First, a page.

Minh and Juarez Receive NIH Grant for Predicting Molecular Interactions to Aid Drug Discovery

The research groups of David Minh, assistant professor of chemistry, and Oscar Juarez, assistant professor of biology, have received an award from the National Institutes of Health (NIH/1R01GM127712-01A1) entitled “Entropy for End-Point and FFT-Based Binding Free Energy Calculations.” The award is for $331,629 in the first year and anticipated to total $1.3 million over four years.

The main objective of this project is to develop better ways to account for entropy in two popular techniques for studying molecular interactions. Specifically, new ways to analyze calculation results will be derived, implemented, assessed, and optimized. The methods will be combined with enhanced sampling techniques.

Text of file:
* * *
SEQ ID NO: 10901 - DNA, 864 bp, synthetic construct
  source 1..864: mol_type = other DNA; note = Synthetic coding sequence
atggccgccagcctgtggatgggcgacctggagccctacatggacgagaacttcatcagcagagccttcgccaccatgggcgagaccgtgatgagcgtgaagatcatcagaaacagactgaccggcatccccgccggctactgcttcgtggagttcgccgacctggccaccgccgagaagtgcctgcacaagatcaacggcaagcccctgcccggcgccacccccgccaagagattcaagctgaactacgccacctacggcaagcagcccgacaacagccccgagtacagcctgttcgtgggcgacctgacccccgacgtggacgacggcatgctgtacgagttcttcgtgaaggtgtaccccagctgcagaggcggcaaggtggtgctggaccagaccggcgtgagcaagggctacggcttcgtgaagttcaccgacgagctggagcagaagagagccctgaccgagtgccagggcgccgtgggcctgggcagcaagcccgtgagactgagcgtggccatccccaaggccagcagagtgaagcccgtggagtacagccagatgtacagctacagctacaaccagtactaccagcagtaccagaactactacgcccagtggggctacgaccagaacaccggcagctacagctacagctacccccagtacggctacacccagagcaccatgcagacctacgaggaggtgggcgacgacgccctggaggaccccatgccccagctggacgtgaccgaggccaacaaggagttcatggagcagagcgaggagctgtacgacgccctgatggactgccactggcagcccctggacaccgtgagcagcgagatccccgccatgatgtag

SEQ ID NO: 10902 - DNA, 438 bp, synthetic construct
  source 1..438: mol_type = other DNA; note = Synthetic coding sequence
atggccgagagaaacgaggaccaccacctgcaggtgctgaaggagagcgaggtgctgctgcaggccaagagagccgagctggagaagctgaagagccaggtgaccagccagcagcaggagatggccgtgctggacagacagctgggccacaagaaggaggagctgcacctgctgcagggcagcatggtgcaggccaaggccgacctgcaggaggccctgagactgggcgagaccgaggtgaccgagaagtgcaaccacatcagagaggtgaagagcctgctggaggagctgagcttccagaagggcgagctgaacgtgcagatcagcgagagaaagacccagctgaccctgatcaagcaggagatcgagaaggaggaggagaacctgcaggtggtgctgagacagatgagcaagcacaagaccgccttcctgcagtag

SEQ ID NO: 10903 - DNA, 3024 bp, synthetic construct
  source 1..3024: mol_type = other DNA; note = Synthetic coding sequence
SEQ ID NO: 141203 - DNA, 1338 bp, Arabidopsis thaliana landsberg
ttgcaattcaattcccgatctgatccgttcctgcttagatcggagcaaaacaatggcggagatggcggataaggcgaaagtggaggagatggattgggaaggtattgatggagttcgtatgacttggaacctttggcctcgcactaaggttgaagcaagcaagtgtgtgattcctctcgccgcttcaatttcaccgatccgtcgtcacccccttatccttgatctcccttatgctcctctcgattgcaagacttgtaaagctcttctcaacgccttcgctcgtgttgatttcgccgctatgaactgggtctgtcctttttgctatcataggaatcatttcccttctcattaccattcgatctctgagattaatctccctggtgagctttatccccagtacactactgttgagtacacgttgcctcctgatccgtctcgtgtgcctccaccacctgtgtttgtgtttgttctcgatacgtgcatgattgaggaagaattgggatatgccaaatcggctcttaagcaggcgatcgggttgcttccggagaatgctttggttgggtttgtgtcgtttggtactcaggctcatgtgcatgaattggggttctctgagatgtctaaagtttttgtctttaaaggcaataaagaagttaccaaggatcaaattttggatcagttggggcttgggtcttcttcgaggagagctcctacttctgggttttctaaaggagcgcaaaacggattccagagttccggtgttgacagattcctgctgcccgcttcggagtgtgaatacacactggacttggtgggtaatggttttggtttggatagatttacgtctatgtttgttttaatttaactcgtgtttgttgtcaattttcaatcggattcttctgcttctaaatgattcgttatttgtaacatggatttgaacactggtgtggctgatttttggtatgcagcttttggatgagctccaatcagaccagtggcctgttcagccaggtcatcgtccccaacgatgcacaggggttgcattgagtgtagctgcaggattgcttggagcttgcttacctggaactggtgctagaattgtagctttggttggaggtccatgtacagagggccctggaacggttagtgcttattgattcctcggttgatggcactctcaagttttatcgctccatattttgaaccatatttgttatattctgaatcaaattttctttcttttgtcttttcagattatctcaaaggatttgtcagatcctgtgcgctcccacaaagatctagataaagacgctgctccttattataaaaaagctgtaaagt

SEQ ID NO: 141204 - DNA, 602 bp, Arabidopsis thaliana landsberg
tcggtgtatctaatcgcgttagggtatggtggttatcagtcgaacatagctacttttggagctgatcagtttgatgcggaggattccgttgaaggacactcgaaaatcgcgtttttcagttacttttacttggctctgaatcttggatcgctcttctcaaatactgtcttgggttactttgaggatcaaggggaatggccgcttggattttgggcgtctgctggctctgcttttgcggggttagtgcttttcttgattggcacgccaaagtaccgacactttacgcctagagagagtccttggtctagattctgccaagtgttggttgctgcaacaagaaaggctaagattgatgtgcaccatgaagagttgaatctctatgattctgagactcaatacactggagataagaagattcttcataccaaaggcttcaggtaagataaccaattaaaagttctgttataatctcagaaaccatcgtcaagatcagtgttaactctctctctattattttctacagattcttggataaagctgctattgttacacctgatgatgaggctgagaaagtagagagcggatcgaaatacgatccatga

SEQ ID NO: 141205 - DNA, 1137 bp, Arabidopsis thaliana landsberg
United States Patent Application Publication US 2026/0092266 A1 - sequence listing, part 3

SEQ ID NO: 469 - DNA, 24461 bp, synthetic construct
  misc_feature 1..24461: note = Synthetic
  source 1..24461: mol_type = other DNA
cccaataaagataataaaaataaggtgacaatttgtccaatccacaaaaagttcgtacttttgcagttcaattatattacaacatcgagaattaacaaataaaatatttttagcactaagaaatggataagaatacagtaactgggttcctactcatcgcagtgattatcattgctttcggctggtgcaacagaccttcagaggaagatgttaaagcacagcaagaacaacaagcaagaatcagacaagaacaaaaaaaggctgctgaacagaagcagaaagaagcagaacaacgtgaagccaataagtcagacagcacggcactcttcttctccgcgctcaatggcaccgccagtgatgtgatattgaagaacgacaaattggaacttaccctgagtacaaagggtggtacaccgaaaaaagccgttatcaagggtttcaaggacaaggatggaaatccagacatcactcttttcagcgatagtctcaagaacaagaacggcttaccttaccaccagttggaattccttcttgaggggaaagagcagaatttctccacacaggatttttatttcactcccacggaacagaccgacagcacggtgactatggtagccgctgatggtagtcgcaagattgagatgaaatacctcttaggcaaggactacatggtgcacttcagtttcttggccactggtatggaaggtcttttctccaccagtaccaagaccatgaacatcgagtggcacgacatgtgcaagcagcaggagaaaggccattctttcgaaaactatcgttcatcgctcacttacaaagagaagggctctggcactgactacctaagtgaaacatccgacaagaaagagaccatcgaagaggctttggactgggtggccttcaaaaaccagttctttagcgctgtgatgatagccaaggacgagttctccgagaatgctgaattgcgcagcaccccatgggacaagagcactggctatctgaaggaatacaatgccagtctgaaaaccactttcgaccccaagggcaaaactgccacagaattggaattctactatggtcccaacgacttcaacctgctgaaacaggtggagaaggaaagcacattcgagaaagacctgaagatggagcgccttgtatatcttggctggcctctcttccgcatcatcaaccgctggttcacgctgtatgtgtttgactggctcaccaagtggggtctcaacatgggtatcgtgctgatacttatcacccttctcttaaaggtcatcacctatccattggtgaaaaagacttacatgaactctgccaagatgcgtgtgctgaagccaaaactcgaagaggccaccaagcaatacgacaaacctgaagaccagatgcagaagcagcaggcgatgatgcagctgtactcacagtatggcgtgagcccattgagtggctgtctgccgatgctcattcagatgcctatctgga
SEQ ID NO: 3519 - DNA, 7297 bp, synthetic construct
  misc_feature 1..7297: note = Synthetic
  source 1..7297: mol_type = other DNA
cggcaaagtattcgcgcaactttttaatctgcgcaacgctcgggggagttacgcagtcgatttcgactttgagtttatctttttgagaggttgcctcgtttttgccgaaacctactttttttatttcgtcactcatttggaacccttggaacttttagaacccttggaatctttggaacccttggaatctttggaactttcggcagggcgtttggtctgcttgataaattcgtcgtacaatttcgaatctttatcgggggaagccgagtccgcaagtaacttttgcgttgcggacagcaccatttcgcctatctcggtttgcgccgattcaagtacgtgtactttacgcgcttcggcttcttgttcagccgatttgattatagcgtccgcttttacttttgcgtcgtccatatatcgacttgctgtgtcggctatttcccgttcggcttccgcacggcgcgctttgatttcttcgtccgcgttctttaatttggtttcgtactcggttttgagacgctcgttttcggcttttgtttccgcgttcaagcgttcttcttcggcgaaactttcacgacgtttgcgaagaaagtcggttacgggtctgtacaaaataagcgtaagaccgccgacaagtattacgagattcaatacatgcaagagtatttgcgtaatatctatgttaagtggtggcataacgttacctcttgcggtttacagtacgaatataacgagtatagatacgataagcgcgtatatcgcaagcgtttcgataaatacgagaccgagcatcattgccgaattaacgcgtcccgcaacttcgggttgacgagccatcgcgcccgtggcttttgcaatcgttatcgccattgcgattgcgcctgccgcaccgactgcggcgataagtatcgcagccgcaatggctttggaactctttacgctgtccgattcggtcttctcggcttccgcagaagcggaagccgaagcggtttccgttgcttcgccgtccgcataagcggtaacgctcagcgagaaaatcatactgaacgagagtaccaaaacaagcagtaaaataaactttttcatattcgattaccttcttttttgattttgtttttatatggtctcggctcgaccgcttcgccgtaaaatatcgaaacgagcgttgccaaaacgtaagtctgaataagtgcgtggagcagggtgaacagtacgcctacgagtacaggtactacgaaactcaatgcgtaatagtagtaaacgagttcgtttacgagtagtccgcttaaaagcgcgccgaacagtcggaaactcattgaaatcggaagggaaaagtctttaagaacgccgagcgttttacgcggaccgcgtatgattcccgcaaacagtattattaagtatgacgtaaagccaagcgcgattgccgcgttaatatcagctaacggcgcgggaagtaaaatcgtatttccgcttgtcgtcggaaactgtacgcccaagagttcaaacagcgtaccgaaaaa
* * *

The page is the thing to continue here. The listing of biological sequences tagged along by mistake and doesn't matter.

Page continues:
Minh will also work with Juarez to assess the methods in a drug discovery project. They will use established methods and these new methods to virtually screen a chemical library against a pair of structurally similar bacterial metabolic enzymes; one enzyme is relevant to active and the other to dormant bacteria. Compounds predicted to selectively bind the bacterial (opposed to human) enzymes will be experimentally tested in biochemical assays. The researchers anticipate that their improved methods will be significantly more accurate than established approaches.